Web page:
Rural Resource Centres Offer a Farmer-centred Approach to Extension Work

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Rural Resource Centres Offer a Farmer-centred Approach to Extension Work

Strong and vibrant grassroots institutions are vital for successful natural resource management and achieving improved rural livelihoods. Photo by World Agroforestry Centre/Charlie Pye-Smith

Strong and vibrant grassroots institutions are vital for successful natural resource management and achieving improved rural livelihoods. Photo by World Agroforestry Centre/Charlie Pye-Smith

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Thursday, September 7, 2017 - 8:45am

CONTENT: Article

Formal agricultural research has generated vast amounts of knowledge on land management and made recommendations for farmers. However, adoption of relevant practices has been low, largely due to the traditional extension approach used to engage farmers. An innovative approach to extension, the rural resource centre (RRC), offers a solution to this problem.

The World Agroforestry Centre (ICRAF) has been developing rural resource centres since 2006; first in Cameroon, and later in Burkina Faso, the Democratic Republic of Congo, Mali and Niger.

Rural resource centres are training and demonstration hubs that are managed by grassroots organizations and often operate outside the formal extension model. They create opportunities for farmers to share experiences and to receive technical guidance and services that are tailored to their livelihood needs. Emphasis is put on access to knowledge, interactive learning and networking among farmers, and between farmers and other actors. Farmers are encouraged to learn how to conduct their own testing, adopt successful technologies, and extend them to their fellow farmers.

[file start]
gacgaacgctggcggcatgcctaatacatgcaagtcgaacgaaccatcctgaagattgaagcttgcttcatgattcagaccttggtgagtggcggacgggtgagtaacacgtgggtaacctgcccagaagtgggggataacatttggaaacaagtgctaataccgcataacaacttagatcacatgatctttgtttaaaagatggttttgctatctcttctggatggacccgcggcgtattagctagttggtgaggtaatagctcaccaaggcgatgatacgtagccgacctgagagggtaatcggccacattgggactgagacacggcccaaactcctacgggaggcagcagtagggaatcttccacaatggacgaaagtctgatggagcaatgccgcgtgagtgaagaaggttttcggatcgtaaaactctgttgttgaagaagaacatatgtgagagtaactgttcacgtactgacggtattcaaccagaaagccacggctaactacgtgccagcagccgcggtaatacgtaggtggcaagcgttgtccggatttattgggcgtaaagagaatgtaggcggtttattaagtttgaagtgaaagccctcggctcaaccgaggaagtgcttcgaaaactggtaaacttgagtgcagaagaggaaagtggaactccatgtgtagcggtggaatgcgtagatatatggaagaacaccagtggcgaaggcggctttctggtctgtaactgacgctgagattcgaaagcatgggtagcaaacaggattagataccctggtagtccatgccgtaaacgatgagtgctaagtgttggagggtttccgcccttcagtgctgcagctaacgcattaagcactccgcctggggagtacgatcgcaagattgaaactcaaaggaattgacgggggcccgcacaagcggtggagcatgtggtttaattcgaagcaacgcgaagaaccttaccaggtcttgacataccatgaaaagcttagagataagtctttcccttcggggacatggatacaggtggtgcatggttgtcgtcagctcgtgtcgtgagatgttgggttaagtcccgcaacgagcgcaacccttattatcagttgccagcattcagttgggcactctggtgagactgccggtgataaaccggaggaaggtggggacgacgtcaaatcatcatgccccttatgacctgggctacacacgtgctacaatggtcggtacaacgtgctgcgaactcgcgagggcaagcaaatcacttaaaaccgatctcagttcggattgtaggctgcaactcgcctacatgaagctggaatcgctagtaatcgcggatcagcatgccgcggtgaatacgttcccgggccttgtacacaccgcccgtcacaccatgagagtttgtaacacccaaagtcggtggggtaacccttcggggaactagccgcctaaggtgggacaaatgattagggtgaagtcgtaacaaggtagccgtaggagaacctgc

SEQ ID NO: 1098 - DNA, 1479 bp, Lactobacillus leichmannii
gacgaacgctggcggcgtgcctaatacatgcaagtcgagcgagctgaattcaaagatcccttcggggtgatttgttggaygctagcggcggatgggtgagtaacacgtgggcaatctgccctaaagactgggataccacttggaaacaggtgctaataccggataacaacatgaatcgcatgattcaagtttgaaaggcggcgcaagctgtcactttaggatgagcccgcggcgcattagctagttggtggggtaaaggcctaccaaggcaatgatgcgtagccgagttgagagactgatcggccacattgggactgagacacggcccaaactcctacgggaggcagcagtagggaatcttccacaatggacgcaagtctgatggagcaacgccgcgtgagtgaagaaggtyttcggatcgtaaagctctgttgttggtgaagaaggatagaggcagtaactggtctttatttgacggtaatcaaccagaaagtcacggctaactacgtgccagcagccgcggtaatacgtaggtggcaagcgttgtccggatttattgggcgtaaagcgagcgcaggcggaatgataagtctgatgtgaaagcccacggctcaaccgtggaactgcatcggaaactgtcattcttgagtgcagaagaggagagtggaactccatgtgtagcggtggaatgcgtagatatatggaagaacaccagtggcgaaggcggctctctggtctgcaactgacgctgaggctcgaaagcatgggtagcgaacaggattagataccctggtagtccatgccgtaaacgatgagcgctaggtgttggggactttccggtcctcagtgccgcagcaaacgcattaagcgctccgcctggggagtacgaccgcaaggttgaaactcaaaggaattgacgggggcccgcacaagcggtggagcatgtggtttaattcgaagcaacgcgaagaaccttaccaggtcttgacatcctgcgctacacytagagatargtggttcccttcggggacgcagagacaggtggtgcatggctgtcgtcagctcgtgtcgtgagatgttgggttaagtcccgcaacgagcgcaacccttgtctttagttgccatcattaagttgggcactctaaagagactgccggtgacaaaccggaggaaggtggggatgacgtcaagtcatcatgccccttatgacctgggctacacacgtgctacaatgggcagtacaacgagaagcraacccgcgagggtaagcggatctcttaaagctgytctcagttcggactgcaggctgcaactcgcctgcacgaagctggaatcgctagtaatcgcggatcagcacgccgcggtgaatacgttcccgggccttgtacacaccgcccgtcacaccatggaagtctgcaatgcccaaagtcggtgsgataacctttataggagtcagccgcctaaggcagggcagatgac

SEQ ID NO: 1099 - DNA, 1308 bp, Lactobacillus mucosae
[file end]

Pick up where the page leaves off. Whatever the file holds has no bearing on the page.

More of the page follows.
A ‘typical’ RRC comprises a tree nursery, demonstration plots, a training hall, a small library and office space. Accommodation, catering facilities and agricultural processing units may also be part of the RRC depending on available resources, opportunities and needs.

Key services provided by rural resource centres include the following:

  • Seeds, seedlings and other inputs
  • Training of farmers in areas such as nursery practices, tree propagation, soil fertility management, group dynamics, financial management, book-keeping and marketing
  • Information on new technologies and innovations
  • Links with market actors, particularly the private sector
  • Access to market information and micro-finance opportunities
  • Forum for exchange of information among farmers, and between farmers and other stakeholders

In Cameroon, ICRAF and local partners have helped communities establish 10 RRCs, hosting 150 nurseries and serving over 10,000 households. One of these RRCs, Riba Agroforestry Resource Centre, which is dedicated to the promotion of sustainable tree-based farming and soil fertility restoration with the objective of improving local incomes, enhancing gender equity, and improving agricultural practices, won the prestigious UNDP Equator Prize in 2010.

Riba Agroforestry Resource Centre is 2017’s winner of the National Energy Globe Award Cameroon!
The Energy Globe Award, which is described as “the Oscar of the environment”, is today’s most prestigious environmental award and presents successful sustainable projects to a broad audience to emphasize that many of our environmental problems already have good, feasible solutions. It is awarded annually to projects which focus on energy efficiency, renewable energies and the conservation of resources. This year, there were over 2000 submissions from 178 countries.

Learn more via World Agroforestry.org

Keywords: Environment | Agriculture | Education | Green Infrastructure | ICRAF | Responsible Production & Consumption | Sustainable Development | Sustainable Living | The World Agroforestry Centre

CONTENT: Article